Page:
Can bee wax be used as a cheese rind and what requirements must it meet?
The use of beeswax is permitted as an additive (E901) for the edible coating and glazing of some foods. If beeswax is used to protect the cheese and is not intended to be eaten, it is a food contact material that must comply with the requirements set out in Regulation (EU) 1935/2004. There is no material-specific legislation for contact materials made from beeswax.
It must be verified that the beeswax used as a contact material does not contain pesticides such as anti-mite substances if these have been used in beekeeping. Small amounts of pesticide easily remain and thus transfer to the food as residues.
For beeswax (as for other contact materials), a request must be made to the producer for documents demonstrating regulatory compliance to indicate the composition of the beeswax and that it does not contain impurities. It is advisable to be particularly careful regarding the purity of imported beeswax. It has emerged that in some cases beeswax has been extended with paraffin oil containing mineral oils which are harmful to human health (MOSH and MOAH).
I would like to make beeswax-coated fabric guards for sale that are intended to protect food, e.g. in a refrigerator or in sandwiches. Are there purity requirements, etc., for such beeswax fabrics to demonstrate the regulatory compliance and safety of a product?
There is no material-specific legislation for beeswax-coated fabrics or for fabrics otherwise. This is why there is no ready-made model to demonstrate the safety and other regulatory compliance of these products and instead the manufacturer must draw one up based on the general guidelines of the Finnish Food Authority https://www.ruokavirasto.fi/yritykset/elintarvikeala/valmistus/pakkaukset-ja-muut-elintarvikekontaktimateriaalit/kontaktimateriaalien-turvallisuus-ja-muu-vaatimustenmukaisuus/vaatimustenmukaisuutta-osoittavat-asiakirjat/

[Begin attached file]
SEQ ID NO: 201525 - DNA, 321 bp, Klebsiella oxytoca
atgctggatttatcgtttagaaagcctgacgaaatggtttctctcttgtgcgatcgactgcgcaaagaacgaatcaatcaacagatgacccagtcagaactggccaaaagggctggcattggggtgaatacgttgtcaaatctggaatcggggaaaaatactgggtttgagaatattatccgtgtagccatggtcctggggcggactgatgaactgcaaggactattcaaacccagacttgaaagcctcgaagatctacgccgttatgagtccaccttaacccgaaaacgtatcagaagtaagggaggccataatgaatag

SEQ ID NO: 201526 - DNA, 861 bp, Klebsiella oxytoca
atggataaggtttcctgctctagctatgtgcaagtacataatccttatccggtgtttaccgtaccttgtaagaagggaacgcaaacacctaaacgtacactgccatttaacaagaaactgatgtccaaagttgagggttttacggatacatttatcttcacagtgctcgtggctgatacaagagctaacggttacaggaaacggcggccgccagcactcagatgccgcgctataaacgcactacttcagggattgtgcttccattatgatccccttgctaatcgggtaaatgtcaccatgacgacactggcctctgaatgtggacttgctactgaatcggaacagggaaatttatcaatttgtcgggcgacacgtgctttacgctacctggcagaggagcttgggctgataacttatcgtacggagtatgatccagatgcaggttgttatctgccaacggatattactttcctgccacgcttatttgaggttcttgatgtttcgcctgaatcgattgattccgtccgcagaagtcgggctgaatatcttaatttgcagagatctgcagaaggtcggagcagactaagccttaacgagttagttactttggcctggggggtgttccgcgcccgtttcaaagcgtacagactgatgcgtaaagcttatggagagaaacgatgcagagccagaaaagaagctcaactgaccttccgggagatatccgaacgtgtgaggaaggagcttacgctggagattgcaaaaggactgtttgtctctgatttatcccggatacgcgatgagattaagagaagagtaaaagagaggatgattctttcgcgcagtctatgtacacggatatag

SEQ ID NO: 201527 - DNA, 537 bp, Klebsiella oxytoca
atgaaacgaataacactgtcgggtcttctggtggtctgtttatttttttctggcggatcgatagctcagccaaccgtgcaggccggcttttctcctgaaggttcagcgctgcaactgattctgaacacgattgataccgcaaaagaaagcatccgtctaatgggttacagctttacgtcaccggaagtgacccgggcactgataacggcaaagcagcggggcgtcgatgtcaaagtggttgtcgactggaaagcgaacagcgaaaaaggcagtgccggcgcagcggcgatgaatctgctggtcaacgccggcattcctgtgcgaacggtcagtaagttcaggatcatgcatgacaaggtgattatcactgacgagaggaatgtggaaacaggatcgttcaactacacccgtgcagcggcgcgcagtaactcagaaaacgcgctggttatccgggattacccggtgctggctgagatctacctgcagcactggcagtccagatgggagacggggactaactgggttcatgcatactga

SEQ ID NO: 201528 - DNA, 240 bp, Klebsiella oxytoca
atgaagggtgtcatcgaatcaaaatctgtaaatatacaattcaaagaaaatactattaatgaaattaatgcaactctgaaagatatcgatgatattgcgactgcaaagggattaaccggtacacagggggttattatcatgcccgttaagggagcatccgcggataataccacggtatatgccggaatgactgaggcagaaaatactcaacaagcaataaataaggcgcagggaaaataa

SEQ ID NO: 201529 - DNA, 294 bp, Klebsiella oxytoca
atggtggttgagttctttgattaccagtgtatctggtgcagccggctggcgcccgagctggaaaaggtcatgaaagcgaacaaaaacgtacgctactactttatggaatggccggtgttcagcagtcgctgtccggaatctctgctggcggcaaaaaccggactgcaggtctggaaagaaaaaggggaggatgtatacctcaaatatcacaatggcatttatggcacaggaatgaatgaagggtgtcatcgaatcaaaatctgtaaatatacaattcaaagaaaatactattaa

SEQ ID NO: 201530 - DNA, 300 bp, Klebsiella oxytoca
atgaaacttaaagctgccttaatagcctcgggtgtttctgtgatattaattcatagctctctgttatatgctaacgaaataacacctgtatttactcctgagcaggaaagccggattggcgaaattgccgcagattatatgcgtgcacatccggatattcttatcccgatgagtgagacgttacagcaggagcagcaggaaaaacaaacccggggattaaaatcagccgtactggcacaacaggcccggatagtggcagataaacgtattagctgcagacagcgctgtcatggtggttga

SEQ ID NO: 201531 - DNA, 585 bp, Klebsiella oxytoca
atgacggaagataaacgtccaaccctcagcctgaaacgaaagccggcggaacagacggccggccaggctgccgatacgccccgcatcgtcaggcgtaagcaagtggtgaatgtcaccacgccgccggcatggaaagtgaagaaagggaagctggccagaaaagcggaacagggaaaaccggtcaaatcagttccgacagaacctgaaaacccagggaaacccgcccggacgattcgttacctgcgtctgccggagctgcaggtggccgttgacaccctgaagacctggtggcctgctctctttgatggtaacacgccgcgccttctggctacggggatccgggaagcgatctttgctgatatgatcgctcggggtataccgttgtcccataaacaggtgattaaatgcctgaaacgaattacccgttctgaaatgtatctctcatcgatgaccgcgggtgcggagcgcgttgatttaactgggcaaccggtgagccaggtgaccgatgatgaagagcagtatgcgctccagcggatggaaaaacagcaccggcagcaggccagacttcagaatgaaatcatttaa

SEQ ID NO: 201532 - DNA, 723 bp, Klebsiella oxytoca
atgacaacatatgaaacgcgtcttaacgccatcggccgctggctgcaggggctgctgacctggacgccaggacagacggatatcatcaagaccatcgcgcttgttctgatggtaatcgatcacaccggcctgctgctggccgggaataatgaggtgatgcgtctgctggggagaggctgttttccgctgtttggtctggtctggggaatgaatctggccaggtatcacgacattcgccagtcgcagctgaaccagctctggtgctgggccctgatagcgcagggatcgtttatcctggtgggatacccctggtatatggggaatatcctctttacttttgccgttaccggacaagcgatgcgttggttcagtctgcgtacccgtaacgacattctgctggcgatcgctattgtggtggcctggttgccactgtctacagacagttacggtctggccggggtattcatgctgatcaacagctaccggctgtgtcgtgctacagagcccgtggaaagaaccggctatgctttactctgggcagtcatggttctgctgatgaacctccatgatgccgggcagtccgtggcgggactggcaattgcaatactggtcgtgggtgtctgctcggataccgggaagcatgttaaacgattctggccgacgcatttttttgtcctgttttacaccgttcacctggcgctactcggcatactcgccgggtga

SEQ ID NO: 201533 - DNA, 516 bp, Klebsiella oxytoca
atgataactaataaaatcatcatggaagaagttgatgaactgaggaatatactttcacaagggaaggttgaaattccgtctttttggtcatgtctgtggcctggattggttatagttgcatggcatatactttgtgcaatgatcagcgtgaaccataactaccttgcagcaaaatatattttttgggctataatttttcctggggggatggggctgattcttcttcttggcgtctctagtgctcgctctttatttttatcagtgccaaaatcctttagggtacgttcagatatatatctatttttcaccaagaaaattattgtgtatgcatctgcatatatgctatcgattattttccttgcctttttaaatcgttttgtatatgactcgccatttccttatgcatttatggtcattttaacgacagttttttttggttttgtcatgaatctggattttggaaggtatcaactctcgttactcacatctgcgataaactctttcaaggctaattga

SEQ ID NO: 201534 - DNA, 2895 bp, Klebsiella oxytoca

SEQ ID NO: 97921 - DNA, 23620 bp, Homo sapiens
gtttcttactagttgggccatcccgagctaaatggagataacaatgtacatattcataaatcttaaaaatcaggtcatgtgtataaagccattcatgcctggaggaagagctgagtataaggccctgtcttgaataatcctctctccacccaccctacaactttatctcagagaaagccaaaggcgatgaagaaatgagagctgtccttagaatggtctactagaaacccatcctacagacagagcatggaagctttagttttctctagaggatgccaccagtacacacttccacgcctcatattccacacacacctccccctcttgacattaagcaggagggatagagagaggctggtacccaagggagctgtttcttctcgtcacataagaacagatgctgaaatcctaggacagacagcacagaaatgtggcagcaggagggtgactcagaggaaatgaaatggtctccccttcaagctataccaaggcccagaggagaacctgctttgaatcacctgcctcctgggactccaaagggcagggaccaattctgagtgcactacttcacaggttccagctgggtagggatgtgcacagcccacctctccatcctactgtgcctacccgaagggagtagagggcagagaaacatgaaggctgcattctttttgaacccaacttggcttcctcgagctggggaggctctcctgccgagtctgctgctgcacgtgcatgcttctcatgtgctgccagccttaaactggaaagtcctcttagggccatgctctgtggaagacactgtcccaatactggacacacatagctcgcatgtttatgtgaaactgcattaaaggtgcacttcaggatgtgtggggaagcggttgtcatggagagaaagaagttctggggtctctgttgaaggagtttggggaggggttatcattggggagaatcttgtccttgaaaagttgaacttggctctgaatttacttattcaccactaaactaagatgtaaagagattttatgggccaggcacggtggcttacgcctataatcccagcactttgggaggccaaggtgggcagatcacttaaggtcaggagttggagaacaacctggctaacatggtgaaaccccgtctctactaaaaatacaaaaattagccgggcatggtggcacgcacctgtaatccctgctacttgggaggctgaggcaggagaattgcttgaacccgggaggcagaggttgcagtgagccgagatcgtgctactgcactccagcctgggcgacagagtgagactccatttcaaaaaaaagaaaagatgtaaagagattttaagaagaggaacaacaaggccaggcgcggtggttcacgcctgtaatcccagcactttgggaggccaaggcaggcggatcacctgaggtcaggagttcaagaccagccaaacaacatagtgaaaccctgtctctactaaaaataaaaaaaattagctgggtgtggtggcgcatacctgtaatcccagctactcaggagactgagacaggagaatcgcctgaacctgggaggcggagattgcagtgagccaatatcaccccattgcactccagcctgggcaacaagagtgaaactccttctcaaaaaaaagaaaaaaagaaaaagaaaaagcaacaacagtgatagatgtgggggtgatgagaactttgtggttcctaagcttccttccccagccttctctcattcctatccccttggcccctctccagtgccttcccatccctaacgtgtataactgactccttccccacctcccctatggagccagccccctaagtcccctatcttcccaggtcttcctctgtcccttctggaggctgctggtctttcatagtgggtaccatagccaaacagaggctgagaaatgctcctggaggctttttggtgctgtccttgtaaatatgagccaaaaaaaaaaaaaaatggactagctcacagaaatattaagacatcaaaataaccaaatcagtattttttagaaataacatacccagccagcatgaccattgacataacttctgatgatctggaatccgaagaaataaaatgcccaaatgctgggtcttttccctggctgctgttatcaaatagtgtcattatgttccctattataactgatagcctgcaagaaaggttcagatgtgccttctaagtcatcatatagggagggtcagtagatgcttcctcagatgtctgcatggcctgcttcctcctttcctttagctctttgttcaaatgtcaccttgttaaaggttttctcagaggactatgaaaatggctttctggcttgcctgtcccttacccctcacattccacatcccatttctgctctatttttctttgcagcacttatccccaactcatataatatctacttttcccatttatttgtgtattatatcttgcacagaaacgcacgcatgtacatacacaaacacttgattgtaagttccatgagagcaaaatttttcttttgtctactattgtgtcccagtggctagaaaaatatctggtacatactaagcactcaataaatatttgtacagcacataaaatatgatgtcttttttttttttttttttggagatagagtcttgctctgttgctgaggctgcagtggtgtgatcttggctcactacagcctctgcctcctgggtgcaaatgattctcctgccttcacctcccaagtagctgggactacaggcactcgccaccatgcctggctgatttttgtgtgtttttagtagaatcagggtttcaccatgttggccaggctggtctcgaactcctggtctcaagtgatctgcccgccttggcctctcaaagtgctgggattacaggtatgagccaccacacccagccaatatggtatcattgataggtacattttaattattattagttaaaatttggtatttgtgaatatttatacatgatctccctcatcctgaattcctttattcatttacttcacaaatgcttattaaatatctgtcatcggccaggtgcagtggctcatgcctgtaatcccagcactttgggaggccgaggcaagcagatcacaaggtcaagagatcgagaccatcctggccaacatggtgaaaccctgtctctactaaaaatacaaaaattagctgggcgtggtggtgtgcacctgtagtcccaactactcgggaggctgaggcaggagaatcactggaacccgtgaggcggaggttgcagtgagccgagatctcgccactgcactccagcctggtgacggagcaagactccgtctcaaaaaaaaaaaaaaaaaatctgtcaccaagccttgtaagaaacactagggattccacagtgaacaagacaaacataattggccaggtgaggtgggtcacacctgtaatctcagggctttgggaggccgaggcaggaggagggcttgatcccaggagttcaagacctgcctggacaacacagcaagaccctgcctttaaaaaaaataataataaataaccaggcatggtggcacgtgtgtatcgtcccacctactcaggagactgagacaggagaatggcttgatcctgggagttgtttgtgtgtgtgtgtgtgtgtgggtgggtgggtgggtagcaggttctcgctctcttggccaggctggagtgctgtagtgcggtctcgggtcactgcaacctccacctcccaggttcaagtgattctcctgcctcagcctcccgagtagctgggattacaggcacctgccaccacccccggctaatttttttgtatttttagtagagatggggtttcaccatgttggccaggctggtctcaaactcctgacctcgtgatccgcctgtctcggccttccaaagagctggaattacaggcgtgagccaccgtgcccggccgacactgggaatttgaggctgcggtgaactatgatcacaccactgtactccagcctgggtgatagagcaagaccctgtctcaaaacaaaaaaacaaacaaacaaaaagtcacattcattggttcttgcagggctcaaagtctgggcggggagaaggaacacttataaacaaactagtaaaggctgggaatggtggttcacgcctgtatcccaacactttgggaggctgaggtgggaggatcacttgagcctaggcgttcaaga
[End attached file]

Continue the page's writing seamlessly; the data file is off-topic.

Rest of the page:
In the case of beeswax, its origin (traceability) must be clear. If the manufacturer of the packaging materials coated with beeswax is also the producer of the beeswax, then the origin of the beeswax will certainly be known. If the beeswax is procured elsewhere, its origin and purity must be established (see previous question and answer).
In fabrics various surface treating agents that may have been used in the manufacture of a fabric are cause for concern. The manufacturer must be aware of the composition of the fabric and request a declaration of compliance from its supplier stating that the fabric meets the requirements of Regulation (EU) 1935/2004. The fabric supplier must provide information about which substances the fabric has been treated with and in this context the manufacturer may have to establish by laboratory examinations whether there is a possibility of the constituents in the fabric migrating into food.
These examinations must be conducted on finished products under the conditions (type of food, temperature, contact time) in which the fabric coming into contact with the beeswax is intended to be in contact with food. Tests are generally conducted in the worst possible contact with food so as to obtain the widest possible conditions of use for the material.
Once the raw materials are known and own examinations have been completed, the manufacturer can write a declaration of compliance for the product.
The intended use of the beeswax fabric and the permitted contact conditions as well as cleaning instructions must be indicated on the label. It is important that the consumer knows how to clean the beeswax fabric properly so that it does not cause microbiological hazards in foods.